I have a blogging conundrum. Like many others, the edu-blogger-twitter-sphere has had a huge impact on my teaching philosophy and practice. In a bid to join the fun, I started this blog just over a year ago. Recently, I’ve been really struggling to think of things to write about as almost everything on my mind has already been covered by someone else. But then that leaves me with a problem. If I want people to be exposed to the same arguments and ideas that I was, then there needs to be fresh material being published for people new to the game to be able to enjoy. To try and help with this I’ve written a list below of the blog pieces that have influenced me the most over the last few years. I have a longer list of reading materials that you might find useful, but the below are the top ones as influencers. They are in no particular order.

1. Just because they’re busy, doesn’t mean they’re learning anything – Carl Hendrick

This great pieceis so blindingly obvious once you’ve read it as to be embarrassing. It was a huge wake up call for me as a teacher and I try to use it to counter my biases now when I have to go and observe teachers

2. Hornets and butterflies: how to reduce workload – Joe Kirby

This glorious blog from Joe Kirby was the first Michaela blog that I read. It spoke so much truth and addressed many of the frustrations I was feeling as a teacher with regards to my time and how it was being wasted. It left me with a lot of hope in terms of making change and I like to think that I’ve been able to help my colleagues, department and school think differently about workload

3. Why AfL might be wrong – David Didau

David’s piece here was the first that introduced me to the learning vs. performance dichotomy. As teachers it is imperative that we understand not just what learning means, but how we can tell whether or not it has happened. This blog made me radically alter the way I thought about my student’s learning and what sources of information were valid as proxies of their learning

4. Six tips to improve your explicit teaching – Greg Ashman

Greg’s blog is number 1 in my book. He is more prolific than any of the other blogs and his entries are always thoughtful, incisive, eclectic and tremendously well researched. He is also unashamedly ideological and in an era where people are saying that there is no debate, that everyone agrees or that there is not best way, Greg’s blog is a must read.  It was probably Greg and David Didau who influenced me the most (Tom Bennett directed me to them) and it’s difficult to put my finger on any single blog by Greg that stands out but the above is a great introduction to explicit teaching

5. Making my own textbooks – Rosalind Walker

Ros and I started blogging at more or less the same time. I like to think we’ve spurred each other on (I don’t know if she thinks the same!) and have helped to influence the science teaching landscape just a little bit. Ros is the first one who took the plunge with really getting her students to work long and hard with the aim of achieving mastery. Her collected efforts can be found at the link. SLOP on!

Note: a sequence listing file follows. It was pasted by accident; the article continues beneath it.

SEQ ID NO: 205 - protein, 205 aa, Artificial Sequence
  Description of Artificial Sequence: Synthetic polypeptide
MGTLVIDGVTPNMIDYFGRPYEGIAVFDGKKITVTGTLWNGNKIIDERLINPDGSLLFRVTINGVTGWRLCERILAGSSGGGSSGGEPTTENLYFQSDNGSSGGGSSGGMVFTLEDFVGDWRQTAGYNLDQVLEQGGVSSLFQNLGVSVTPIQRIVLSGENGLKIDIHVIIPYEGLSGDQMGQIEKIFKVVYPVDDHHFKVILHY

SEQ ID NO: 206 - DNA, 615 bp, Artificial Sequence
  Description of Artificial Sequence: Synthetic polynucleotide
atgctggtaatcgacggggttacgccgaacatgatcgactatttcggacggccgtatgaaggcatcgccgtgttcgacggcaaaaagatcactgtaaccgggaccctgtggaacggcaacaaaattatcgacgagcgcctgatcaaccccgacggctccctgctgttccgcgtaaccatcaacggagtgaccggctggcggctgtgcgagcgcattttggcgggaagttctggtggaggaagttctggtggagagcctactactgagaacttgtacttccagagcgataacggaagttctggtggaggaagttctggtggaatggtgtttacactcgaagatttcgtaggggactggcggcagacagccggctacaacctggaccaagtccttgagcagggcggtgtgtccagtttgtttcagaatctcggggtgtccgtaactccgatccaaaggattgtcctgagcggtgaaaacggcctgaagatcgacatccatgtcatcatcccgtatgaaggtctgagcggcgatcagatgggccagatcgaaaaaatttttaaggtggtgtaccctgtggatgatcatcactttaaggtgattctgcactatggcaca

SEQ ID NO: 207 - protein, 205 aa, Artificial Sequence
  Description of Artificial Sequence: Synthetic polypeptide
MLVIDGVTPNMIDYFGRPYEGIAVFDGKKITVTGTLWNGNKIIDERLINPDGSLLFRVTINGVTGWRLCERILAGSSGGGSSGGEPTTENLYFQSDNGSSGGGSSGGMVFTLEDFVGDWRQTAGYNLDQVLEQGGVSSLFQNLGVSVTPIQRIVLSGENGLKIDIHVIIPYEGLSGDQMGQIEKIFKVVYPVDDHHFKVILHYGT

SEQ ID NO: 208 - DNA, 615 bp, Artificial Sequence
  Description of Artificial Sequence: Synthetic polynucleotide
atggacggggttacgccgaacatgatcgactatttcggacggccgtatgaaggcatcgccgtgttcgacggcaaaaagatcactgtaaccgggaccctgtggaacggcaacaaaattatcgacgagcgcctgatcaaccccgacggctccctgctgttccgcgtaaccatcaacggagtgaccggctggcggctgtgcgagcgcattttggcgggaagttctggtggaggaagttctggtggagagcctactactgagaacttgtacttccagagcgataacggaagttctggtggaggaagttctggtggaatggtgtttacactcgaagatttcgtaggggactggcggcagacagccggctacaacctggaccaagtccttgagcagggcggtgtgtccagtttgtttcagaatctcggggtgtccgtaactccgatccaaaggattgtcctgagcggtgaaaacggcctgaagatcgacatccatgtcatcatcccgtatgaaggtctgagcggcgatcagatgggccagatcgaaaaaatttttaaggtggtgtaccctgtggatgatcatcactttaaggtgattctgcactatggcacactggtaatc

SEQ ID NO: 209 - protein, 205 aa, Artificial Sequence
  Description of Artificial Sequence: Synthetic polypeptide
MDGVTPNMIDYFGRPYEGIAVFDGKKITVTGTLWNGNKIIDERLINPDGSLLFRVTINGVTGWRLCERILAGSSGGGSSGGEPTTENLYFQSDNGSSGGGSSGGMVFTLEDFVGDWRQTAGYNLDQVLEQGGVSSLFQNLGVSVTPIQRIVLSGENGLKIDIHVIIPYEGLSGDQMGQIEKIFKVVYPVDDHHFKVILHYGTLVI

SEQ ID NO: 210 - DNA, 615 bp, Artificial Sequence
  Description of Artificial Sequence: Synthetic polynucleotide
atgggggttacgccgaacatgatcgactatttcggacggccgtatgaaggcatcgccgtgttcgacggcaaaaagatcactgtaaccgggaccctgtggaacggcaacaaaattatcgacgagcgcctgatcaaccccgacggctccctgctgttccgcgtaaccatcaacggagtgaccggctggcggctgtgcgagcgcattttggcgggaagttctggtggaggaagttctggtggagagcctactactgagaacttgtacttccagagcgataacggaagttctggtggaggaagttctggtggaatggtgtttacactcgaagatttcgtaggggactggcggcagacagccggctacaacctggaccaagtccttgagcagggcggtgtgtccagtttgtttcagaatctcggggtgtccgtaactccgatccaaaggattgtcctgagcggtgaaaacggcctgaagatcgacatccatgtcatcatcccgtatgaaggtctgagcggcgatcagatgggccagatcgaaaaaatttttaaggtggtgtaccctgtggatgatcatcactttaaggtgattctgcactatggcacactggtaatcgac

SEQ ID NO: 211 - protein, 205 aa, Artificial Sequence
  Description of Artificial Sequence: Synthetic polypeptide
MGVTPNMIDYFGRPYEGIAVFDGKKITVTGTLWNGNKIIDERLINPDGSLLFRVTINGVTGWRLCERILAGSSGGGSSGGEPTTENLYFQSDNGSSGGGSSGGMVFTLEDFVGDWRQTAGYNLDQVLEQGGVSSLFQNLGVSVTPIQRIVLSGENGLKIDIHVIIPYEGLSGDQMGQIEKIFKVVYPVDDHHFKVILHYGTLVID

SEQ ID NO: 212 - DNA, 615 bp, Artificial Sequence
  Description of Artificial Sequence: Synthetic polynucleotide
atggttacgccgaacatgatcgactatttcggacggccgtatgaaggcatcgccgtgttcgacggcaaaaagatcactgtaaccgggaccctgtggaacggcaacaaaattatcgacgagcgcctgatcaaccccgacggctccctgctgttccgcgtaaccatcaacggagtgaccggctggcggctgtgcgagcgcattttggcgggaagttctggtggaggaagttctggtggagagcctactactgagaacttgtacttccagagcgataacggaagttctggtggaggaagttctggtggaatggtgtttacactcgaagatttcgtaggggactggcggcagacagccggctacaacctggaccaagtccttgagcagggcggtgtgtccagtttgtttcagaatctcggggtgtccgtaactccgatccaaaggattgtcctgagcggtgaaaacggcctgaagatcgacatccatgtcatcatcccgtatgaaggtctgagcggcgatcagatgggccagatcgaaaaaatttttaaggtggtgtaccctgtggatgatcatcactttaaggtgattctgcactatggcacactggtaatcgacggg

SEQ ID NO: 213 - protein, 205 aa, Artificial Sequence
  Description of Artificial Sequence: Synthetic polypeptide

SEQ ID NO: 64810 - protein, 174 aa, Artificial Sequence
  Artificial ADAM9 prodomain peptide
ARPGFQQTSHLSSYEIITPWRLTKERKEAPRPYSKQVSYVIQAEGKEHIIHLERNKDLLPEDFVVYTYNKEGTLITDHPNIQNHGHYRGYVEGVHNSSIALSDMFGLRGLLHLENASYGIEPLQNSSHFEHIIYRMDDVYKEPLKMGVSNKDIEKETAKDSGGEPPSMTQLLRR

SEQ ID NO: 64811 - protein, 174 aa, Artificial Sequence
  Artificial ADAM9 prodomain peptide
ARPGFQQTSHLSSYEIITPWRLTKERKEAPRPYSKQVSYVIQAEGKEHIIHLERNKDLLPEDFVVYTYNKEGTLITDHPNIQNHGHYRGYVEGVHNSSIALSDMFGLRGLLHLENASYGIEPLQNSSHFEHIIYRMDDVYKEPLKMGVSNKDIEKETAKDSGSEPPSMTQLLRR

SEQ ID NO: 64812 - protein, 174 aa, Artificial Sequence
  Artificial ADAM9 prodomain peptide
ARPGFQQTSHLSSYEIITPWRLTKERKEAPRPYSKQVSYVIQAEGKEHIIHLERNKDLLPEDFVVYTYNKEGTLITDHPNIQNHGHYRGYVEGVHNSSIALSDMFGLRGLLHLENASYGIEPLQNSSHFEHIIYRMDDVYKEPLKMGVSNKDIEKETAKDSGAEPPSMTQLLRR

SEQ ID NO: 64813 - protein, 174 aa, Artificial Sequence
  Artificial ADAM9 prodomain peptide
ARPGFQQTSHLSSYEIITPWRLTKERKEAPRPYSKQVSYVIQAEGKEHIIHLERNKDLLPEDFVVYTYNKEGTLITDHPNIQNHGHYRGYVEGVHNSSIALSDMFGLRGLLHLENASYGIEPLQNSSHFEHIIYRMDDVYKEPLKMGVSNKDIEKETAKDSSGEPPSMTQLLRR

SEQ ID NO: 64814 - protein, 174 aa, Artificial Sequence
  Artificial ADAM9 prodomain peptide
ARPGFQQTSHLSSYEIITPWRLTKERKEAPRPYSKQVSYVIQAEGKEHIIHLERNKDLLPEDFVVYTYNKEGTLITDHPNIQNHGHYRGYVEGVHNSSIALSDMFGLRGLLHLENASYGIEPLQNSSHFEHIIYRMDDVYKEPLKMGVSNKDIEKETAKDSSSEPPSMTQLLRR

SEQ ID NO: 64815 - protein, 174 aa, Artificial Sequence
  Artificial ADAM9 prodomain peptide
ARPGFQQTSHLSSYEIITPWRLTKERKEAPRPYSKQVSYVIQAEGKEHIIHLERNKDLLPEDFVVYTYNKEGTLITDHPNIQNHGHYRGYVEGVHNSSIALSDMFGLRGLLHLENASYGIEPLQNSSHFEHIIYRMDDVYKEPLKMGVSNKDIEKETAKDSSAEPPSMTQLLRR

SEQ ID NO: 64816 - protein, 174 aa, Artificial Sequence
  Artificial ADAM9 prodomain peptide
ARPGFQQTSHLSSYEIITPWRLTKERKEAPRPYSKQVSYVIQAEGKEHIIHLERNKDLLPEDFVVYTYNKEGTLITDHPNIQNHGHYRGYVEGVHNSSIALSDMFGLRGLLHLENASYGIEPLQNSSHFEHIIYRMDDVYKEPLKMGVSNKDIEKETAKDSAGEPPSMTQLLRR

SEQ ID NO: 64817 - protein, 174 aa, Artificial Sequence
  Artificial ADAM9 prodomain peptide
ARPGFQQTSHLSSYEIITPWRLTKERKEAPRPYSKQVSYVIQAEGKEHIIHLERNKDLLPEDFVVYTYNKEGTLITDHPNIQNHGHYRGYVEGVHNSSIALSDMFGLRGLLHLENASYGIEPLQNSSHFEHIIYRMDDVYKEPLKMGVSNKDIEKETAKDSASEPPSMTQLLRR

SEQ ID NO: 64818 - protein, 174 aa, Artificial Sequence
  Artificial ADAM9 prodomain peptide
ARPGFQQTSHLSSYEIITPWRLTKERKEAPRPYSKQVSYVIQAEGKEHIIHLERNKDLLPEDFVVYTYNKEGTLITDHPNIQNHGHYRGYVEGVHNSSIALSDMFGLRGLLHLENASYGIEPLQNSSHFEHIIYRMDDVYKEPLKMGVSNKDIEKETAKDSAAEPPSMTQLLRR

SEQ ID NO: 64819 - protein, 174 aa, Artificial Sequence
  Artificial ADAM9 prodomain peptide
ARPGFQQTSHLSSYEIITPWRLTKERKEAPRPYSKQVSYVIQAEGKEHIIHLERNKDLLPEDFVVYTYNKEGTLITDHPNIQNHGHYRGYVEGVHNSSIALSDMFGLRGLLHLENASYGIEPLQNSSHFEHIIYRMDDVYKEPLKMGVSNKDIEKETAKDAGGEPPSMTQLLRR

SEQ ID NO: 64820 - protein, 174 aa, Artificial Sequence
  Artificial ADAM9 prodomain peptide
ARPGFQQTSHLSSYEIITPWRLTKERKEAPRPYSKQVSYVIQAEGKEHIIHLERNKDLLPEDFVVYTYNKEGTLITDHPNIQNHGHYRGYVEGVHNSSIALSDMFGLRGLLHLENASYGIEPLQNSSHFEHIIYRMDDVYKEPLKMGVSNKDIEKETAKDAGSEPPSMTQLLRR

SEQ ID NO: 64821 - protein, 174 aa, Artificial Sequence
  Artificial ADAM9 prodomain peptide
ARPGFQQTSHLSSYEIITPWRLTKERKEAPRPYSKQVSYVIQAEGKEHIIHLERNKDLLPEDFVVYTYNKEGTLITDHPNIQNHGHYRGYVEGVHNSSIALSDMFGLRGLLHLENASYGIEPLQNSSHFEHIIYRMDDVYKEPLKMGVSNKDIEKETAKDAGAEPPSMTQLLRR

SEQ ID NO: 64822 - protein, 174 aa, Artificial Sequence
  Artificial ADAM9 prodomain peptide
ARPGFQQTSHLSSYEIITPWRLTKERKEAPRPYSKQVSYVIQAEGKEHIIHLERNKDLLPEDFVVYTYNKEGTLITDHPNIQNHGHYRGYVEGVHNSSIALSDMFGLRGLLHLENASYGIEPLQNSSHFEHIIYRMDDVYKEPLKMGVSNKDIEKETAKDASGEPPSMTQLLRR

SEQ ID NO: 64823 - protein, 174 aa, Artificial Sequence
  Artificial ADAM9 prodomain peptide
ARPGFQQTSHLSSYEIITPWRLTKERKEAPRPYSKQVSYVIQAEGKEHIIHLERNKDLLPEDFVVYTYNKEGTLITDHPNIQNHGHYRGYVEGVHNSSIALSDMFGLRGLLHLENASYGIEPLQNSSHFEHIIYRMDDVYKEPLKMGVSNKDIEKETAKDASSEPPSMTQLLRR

6. Tom Bennett reviews ‘Creative Schools: the grassroots revolution that’s changing education’ by Ken Robinson – Tom Bennett

I had spent much of my youth as a Goldacre-inspired keyboard warrior hubristically pointing out the intellectual crimes of others in their faulty interpretations of science. Imagine my shame when I discovered I had been guilty of all those crimes, just in my own domain of education. Tom’s mythbusting was an important part of that. His writing is certainly unique and you should check out his own blog as well as the stuff he has done for others’.

7. Genericism’s Children – Christine Counsell

Christine’s only blog is an absolute corker. It deftly and eloquently dismantles generic teaching advice and practices. Read it, and please please Christine write more blogs!

8. The top five lies about behaviour – Andrew Old

In many ways, Andrew is the king of the bloggers. His blog has inspired tens of thousands of teachers to change their habits and fight back against educational orthodoxies. This blog is important because it is trademark Andrew: fiercely defensive of frontline teachers, aimed squarely at the establishment and prevailing orthodoxies and characteristically blunt.

9. A no-frills teaching manifesto – Curriculum Team Leader

CTL’s blogs are always great. Totally honest and clear, there is always important advice in there. This blog spoke to me on a really deep level as it came at a time when I was first starting my foray into middle leadership. The “no-frills” approach is lean and cuts out all the crap in a bid to form an effective and efficient department.

10. The tiger teachers and cognitive science – Sue Gerrard

I love Sue’s blogs. I almost always disagree but she is way smarter and more knowledgeable than I am and (at least I think) we have had many fruitful conversations. Life would be boring if we all agreed the whole time. This blog is a reminder to us that we aren’t professional cognitive scientists – we are teachers trying to do the best job that we can. We will make mistakes and misinterpretations (and no one should claim that the Tiger Teachers are not self-aware on this) so this blog is a call to humility.

11. Teaching teachers – a silly idea? – Kris Boulton

This final entry provides a powerful framework for thinking about the different domains in which teachers operate and how best to improve as a practitioner. With frontline teachers taking an ever increasing role in the training of the next generation, such depth of thought should be a necessity.

Anyway there we have it. I hope you enjoy the blogs. They are in no way extensive and there is a lot of fantastic stuff out there. Have a smashing new year!

 

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